Lutze says there are many well-intentioned and appreciative people they serve who don’t have enough resources, income, food or clothing, access to eye exams or glasses, or the mental capacity to handle daily life. “They might be recovering from an addiction, living under a bridge or sleeping in their car, or they’re just plain lonely,” he says. “But they’re human beings who lack basic necessities.”
Lutze knows that many of the people he serves could benefit from having access to a shower, too. “It was always my vision to make Eastside Mission a place for someone to get cleaned up, get a shower and a new outfit for a job interview.” His vision is now a reality. Soon, all of the regular services will be obtainable – and a shower (if needed) – at the former Shelter of Flint location, an 11,000-square-foot building at 1829 Delaware Street, which the Eastside Mission recently purchased for one dollar.
“We bought it for one dollar, but have put $250,000 into renovations,” Lutze states. “I made sure we built a single-stall, handicapped-accessible shower. A newly remodeled and modern facility will allow us to better serve people.” Funds from grants and donations from organizations, churches and businesses made the remodeling possible. In addition, a brand new, local Head Start preschool program will be housed in the newly acquired building. Lutze says that prior to this, there was no Head Start program available to children living in the 48506 zip code.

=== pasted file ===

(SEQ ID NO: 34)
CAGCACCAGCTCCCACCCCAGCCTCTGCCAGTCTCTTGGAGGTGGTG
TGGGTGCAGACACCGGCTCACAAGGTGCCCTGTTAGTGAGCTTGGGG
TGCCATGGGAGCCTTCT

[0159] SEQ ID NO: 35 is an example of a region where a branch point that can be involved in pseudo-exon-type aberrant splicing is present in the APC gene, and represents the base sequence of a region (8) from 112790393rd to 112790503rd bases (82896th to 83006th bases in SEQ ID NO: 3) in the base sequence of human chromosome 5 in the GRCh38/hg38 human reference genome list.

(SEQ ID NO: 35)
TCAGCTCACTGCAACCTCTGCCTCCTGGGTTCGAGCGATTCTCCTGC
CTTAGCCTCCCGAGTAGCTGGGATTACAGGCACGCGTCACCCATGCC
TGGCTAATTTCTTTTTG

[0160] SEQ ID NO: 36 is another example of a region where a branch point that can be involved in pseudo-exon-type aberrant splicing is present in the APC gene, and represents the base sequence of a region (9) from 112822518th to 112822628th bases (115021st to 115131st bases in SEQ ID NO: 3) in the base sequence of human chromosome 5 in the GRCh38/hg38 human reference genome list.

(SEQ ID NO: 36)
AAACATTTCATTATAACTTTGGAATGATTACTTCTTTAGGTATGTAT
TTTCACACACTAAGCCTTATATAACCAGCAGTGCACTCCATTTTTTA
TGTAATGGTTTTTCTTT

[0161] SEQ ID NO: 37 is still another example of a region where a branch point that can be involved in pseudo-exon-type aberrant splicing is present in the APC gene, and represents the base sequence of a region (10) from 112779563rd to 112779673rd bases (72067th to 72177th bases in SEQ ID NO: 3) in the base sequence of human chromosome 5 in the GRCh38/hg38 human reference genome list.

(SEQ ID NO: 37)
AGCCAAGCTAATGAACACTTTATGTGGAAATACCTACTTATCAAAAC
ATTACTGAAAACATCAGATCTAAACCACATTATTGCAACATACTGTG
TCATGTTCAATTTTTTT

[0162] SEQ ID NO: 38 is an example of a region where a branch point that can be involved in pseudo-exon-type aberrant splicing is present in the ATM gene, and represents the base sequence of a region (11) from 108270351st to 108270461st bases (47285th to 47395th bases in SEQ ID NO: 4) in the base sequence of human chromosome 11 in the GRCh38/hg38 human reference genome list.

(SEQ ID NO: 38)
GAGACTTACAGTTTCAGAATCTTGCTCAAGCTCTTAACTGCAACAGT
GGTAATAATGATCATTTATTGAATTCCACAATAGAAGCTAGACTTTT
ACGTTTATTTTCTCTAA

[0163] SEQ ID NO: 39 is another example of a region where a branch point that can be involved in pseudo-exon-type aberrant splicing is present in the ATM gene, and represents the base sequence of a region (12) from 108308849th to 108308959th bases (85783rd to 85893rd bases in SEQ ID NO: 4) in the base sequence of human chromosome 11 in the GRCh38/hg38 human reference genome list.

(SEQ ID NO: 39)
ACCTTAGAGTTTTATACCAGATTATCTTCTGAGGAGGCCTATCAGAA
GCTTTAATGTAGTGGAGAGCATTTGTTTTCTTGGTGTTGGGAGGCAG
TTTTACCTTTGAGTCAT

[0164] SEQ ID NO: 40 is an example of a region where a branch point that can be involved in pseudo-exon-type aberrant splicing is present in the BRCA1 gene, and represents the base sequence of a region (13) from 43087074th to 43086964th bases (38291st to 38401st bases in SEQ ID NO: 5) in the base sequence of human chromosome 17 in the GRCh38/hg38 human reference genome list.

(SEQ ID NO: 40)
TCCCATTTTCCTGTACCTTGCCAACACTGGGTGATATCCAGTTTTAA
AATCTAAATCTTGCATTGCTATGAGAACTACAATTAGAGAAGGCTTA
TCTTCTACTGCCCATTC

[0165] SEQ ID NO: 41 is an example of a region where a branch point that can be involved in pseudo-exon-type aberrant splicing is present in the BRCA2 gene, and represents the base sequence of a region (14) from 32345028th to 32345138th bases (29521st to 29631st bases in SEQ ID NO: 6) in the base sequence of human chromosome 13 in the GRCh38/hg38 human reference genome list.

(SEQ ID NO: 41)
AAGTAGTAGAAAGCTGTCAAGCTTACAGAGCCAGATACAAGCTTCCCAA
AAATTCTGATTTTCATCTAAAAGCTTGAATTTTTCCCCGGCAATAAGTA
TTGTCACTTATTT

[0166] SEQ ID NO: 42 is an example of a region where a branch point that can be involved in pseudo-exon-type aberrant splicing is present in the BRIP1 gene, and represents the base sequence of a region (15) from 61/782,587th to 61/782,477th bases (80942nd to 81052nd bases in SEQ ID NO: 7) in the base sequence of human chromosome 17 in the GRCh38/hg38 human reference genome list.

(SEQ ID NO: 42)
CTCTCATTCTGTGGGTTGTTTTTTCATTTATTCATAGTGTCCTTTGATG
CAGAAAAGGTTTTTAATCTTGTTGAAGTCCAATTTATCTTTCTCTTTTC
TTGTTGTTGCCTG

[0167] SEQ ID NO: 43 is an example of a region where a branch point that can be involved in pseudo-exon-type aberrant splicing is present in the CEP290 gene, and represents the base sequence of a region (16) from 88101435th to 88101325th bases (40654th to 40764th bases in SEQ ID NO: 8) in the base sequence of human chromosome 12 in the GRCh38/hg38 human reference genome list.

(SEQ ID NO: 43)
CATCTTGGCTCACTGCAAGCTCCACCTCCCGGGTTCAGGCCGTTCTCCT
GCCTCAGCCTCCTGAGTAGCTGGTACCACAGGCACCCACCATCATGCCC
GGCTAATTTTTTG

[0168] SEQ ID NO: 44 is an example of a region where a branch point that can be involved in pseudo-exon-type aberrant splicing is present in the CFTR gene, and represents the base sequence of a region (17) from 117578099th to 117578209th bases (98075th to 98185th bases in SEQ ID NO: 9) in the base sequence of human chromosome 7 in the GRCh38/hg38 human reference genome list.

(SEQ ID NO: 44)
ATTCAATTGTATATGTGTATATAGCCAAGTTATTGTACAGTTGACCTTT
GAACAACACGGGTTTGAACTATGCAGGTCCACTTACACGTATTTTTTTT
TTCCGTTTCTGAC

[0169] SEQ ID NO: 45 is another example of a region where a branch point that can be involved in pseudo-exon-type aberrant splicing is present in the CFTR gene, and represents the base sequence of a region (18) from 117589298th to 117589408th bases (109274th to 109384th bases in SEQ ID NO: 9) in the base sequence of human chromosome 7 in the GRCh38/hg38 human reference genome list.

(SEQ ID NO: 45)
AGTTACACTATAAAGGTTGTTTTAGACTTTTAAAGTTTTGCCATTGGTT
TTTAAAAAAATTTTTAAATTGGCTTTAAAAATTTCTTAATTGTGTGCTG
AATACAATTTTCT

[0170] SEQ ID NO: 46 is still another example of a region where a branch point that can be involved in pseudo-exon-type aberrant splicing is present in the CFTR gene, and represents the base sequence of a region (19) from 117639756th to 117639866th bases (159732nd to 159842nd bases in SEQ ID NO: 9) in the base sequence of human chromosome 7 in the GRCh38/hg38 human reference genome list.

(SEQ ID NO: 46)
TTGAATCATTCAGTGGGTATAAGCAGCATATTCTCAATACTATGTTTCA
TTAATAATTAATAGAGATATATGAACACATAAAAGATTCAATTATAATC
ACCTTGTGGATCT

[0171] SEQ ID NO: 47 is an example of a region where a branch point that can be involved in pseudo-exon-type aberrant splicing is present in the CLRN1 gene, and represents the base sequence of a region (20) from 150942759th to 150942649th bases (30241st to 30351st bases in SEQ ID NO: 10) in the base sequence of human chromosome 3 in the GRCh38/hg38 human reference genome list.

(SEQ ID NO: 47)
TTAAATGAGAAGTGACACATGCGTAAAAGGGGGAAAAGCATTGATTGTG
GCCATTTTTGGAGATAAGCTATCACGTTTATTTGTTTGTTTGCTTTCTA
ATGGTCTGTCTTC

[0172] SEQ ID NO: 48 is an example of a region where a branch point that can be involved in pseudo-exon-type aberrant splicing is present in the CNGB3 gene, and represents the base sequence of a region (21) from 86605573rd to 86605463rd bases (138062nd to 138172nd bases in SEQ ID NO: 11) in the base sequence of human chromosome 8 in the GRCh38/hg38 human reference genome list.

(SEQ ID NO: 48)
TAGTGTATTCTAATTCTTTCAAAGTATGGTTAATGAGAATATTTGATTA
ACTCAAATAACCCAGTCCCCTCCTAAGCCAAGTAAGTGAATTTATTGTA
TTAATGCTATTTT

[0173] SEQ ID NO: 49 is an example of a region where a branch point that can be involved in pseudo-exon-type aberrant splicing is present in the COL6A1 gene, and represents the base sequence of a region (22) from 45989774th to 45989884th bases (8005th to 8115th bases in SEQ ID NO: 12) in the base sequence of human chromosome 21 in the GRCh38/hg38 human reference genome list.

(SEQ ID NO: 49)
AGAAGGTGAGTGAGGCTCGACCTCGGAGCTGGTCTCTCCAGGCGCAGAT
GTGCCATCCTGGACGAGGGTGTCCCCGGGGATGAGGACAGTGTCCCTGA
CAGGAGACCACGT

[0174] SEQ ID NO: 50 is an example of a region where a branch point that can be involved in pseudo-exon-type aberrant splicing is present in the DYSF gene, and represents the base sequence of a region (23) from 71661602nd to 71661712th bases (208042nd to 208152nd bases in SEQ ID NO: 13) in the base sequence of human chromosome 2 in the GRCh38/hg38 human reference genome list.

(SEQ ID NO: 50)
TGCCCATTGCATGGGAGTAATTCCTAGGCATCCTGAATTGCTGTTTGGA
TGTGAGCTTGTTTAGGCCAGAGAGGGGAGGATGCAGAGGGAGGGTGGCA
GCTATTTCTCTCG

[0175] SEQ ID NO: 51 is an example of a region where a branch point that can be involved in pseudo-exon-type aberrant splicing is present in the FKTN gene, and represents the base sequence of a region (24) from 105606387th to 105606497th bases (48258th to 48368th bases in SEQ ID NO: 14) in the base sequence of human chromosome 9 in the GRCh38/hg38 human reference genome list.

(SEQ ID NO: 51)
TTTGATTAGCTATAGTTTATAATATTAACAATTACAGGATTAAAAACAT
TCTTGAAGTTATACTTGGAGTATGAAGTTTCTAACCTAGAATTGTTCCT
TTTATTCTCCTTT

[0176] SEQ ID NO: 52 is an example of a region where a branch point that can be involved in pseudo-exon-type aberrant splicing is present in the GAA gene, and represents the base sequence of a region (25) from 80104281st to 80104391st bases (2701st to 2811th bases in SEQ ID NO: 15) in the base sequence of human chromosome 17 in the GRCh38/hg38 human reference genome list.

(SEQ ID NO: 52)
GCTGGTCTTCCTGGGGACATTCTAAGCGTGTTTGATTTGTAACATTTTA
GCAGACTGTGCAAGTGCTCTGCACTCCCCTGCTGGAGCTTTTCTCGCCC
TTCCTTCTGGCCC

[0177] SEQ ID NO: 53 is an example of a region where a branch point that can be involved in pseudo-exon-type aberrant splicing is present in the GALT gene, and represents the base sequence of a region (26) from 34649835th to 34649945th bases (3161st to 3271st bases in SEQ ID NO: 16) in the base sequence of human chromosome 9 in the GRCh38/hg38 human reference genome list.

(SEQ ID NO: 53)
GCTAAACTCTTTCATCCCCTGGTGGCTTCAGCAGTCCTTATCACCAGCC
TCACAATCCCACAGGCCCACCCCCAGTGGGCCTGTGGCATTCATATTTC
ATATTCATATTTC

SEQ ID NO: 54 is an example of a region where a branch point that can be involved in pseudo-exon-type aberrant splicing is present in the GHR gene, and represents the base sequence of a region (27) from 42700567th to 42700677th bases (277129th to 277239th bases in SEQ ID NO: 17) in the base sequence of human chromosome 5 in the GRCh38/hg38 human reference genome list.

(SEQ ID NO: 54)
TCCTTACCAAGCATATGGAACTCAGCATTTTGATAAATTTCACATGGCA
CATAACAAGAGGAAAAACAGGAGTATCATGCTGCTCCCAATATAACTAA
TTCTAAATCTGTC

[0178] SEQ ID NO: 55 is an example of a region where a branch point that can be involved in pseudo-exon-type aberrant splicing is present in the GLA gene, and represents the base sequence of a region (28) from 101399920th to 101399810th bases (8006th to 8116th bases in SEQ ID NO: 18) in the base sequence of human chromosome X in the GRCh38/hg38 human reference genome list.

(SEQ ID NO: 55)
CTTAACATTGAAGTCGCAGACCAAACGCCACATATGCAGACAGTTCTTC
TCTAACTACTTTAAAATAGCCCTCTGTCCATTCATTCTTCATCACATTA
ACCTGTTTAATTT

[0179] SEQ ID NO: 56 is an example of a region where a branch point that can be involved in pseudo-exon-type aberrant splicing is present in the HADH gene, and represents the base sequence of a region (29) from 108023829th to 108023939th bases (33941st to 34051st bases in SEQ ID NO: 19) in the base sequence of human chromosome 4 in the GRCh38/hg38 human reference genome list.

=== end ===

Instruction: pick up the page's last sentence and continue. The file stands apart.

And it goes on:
Lutze is grateful for the help he gets from volunteers; he especially counts on his assistant, Terry White, who also believes in giving his time to a worthy cause. “Terry keeps me straight,” laughs Lutze. “We bounce ideas around and he is a tremendous asset in the area of paperwork.” White keeps track of the dozens of volunteers, their agreement contracts, and the number of hours they serve; those in the cash assistance program or who are doing court mandated community service have to be reported to the State of Michigan. “I enjoy doing the computer work, reports, drafting letters and other documents,” says White, also a GM retiree and Nazarene Church member. White helps run the clothing house, sorts donation items, and is on hand to do anything Lutze might delegate to him.
Other volunteers, such as Bobbie Jean, sweep the front steps and tidy up the space – she takes the bus to get there. “I help sweep, mow grass, bleach tables, fold clothes, vacuum or mop the floors,” says Jean, who is impressed with the team-like environment at Eastside Mission. “Everyone works together and gets along,” she adds.